Meng Yang
 The paper was written by Babatunde Buraimo and Rob Simmons.
 Their research interests include audience demand, sports
broadcasting, and sports betting, economics of team sports (North
American and European) and economics of gambling.
 Clear evidence shows that an increase in uncertainty of outcome is
associated with reduced gate attendance.
 The conventional uncertainty of outcome hypothesis proposes
precisely the opposite effect.
 We interpret this as suggesting that fans at EPL games, who are
predominately supporters of the home team, prefer to see their
team play a much inferior team and beat that team rather than
attend a game that is predicted to be close in score.
 The fundamental question is whether fans actually
desire increased uncertainty of outcome.
 Uncertainty of outcome were defined as "a situation
where a given contest within a league structure has a
degree of unpredictability about the result.
 Compare evidence from North American major leagues
and European soccer using the squared difference.
 The outcome uncertainty of National Basketball
Association gate attendance shows that an increase
in squared difference (a less uncertain game) was
significantly associated with lower attendance.
 English Premier League (EPL) point in divergent
 Bookmakers have greater forecasting capability of
soccer games than do other experts, such as
journalists and they even outperform sophisticated
econometric models.
 Establish a measure of outcome uncertainty based on
bookmaker betting odds.
Data and Empirical Model
 This study uses data across six seasons of the EPL from
2000-01 to 2005-06.
 In our model, stadium capacity is the censoring point,
and attendance data are deemed to be censored if
attendance is at or more than 95% of the stadium
 The first measure of outcome uncertainty is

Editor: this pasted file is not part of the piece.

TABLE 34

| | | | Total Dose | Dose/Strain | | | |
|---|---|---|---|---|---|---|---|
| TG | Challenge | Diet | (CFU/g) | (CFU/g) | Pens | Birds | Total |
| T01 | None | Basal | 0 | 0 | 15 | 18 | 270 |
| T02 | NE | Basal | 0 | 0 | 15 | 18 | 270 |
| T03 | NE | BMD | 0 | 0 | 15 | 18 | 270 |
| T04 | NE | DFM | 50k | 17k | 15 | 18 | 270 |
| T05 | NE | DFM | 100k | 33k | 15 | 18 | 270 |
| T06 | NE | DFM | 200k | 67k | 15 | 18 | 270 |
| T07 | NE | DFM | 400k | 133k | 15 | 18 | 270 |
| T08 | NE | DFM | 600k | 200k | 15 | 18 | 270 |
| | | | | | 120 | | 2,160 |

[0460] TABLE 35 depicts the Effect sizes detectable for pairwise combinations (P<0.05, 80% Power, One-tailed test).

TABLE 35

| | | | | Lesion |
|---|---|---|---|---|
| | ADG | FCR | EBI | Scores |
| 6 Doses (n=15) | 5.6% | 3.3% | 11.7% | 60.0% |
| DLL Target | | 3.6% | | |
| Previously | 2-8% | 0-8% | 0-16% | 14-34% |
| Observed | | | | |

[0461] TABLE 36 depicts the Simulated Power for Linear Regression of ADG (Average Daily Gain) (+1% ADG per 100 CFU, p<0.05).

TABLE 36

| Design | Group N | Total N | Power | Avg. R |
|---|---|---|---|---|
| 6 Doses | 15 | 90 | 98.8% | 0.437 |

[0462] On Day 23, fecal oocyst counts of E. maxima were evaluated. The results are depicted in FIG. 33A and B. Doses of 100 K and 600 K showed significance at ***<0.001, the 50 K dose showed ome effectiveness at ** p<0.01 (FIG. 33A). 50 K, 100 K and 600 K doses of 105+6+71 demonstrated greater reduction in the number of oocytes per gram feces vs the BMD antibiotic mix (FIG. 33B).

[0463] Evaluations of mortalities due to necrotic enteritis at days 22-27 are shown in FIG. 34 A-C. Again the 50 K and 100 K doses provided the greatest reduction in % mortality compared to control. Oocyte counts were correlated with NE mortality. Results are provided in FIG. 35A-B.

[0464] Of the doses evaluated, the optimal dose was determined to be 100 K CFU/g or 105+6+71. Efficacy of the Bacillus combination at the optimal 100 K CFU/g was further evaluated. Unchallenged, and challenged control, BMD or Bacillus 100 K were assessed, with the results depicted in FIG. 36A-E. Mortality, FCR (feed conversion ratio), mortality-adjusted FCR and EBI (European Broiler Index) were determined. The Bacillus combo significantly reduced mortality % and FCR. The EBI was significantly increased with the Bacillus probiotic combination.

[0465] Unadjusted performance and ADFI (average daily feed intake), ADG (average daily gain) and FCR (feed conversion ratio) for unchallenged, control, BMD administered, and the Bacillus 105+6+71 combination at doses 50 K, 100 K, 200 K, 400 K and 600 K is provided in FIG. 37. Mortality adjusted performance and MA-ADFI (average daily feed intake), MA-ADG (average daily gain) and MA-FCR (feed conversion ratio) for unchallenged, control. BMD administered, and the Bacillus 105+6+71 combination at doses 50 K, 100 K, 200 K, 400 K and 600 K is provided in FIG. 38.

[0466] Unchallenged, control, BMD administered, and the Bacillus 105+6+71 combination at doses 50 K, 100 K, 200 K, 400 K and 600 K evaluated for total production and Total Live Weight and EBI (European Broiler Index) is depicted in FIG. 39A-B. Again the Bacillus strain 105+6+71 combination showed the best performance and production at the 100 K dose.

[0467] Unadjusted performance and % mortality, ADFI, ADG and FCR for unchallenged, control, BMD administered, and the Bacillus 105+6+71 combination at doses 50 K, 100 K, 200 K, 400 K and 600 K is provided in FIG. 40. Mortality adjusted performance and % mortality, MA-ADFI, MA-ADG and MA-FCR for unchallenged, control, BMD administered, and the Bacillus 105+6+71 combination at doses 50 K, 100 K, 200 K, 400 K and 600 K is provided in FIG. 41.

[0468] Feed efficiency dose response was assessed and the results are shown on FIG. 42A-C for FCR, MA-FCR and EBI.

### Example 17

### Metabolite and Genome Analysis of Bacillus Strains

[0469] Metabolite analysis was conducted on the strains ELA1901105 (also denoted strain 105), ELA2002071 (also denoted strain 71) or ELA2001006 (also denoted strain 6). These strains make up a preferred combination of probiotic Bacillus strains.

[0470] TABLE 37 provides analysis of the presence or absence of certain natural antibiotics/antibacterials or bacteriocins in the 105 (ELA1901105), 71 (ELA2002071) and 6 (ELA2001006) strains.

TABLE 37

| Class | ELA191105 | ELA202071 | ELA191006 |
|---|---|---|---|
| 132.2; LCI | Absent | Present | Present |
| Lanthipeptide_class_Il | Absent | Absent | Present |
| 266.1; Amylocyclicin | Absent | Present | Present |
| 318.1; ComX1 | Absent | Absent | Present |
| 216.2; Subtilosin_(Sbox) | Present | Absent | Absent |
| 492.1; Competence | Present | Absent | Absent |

probability home win and probability of home win
 The correlation of odds between bookmakers is very
high (around 0.95).
 Observe capture characteristics, such as player
injuries, suspensions.
 Another measure used is the absolute difference in
home and away win probabilities.
 The Theil measure incorporates variations in all three
probabilities and is computed as follows.
Empirical Results
 The results show that both teams' current performances are highly
significant with fans responding more to the home team's current
 Team quality, as controlled for by team payroll, influences
attendance with quality of the home team being more significant
than the away team's quality.
 An improvement in talent, as reflected in greater payroll, does
improve gate attendances.
 The coefficient on derby is positive and significant.
 The impact of distance on attendance is negative.
 Matches played from Monday to Friday inclusive and not televised impact
negatively and reduce attendances by 4.5%.
 On Monday night's live telecast also have a negative and significant impact.
 Matches televised on other days, as well as those televised on public
holidays, have no significant impact on matchday attendance.
 In the Theil measure, it has a significant (at 1% level) but
negative coefficient.
 Our principal empirical finding is that an increase
in uncertainty of outcome is associated with
reduced gate attendance.
 We interpret this as suggesting that home fans
prefer to see their team win rather than watch a
draw or see the home team defeated.
 Evidence from English Premier League soccer and the
evidence from North American baseball and
basketball seem to point in divergent directions.
 English soccer fans do not value increased outcome
uncertainty while North American baseball and
basketball fans do.
 The television audience may have rather different
preferences to fans inside the stadium.
 Television viewers are expected to be more interested in
watching closer games than stadium attendees.